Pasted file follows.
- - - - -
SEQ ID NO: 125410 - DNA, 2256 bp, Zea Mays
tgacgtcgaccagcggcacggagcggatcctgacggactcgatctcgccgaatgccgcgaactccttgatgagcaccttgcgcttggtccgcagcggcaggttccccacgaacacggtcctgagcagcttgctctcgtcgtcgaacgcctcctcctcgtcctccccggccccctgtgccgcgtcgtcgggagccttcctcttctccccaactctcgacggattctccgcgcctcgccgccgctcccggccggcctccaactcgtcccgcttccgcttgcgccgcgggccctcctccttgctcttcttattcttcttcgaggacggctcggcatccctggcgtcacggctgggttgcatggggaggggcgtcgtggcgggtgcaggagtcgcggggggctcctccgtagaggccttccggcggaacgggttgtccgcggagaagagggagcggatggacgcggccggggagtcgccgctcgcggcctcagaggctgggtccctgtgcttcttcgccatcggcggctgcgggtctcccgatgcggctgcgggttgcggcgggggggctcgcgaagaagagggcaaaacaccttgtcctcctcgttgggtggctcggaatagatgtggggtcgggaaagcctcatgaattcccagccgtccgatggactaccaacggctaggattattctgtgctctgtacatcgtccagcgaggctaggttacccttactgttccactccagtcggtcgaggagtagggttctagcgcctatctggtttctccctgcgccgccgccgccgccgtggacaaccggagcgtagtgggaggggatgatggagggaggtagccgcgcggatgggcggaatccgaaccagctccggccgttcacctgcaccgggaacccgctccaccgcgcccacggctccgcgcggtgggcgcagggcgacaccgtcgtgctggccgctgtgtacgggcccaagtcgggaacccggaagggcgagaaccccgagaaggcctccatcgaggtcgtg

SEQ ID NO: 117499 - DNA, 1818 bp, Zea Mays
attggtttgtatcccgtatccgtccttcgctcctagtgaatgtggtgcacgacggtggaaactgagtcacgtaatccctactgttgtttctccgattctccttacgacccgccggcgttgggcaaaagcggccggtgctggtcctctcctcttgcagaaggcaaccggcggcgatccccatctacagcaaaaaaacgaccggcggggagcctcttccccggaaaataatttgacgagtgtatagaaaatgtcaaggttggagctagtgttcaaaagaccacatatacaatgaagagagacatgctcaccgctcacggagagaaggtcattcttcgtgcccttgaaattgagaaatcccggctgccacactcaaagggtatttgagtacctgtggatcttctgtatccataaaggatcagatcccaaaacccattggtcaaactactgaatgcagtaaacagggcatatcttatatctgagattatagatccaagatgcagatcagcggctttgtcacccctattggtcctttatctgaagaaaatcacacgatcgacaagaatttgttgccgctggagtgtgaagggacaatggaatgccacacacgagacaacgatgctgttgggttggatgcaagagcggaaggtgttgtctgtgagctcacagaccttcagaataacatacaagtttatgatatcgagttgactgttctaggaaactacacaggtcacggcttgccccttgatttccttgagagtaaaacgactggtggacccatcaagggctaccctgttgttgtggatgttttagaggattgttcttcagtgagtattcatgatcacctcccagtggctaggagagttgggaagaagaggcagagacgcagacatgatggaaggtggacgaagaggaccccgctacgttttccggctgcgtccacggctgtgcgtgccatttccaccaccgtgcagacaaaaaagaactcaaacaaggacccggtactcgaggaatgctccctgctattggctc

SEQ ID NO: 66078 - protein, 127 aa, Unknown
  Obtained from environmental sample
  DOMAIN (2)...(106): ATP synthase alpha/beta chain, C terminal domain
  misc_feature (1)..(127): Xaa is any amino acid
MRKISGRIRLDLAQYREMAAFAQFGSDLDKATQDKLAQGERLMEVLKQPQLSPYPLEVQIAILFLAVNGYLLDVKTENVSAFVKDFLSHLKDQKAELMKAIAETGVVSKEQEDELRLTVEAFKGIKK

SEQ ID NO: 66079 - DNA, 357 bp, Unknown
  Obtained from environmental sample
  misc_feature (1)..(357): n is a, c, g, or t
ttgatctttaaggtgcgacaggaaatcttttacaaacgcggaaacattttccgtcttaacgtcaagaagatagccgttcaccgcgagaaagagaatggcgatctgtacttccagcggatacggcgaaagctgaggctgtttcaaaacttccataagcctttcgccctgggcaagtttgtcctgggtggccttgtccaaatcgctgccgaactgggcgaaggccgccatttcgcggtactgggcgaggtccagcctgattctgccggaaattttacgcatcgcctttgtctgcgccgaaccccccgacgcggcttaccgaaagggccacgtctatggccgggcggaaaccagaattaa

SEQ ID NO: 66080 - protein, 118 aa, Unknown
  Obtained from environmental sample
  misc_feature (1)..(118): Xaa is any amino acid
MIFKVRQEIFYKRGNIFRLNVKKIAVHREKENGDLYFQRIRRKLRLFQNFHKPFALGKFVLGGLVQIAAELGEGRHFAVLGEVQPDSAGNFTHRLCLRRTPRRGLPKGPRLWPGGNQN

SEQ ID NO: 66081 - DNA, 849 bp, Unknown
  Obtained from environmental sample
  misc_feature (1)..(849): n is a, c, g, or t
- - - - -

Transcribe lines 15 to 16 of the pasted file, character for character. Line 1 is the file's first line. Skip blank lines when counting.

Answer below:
  Obtained from environmental sample
  misc_feature (1)..(118): Xaa is any amino acid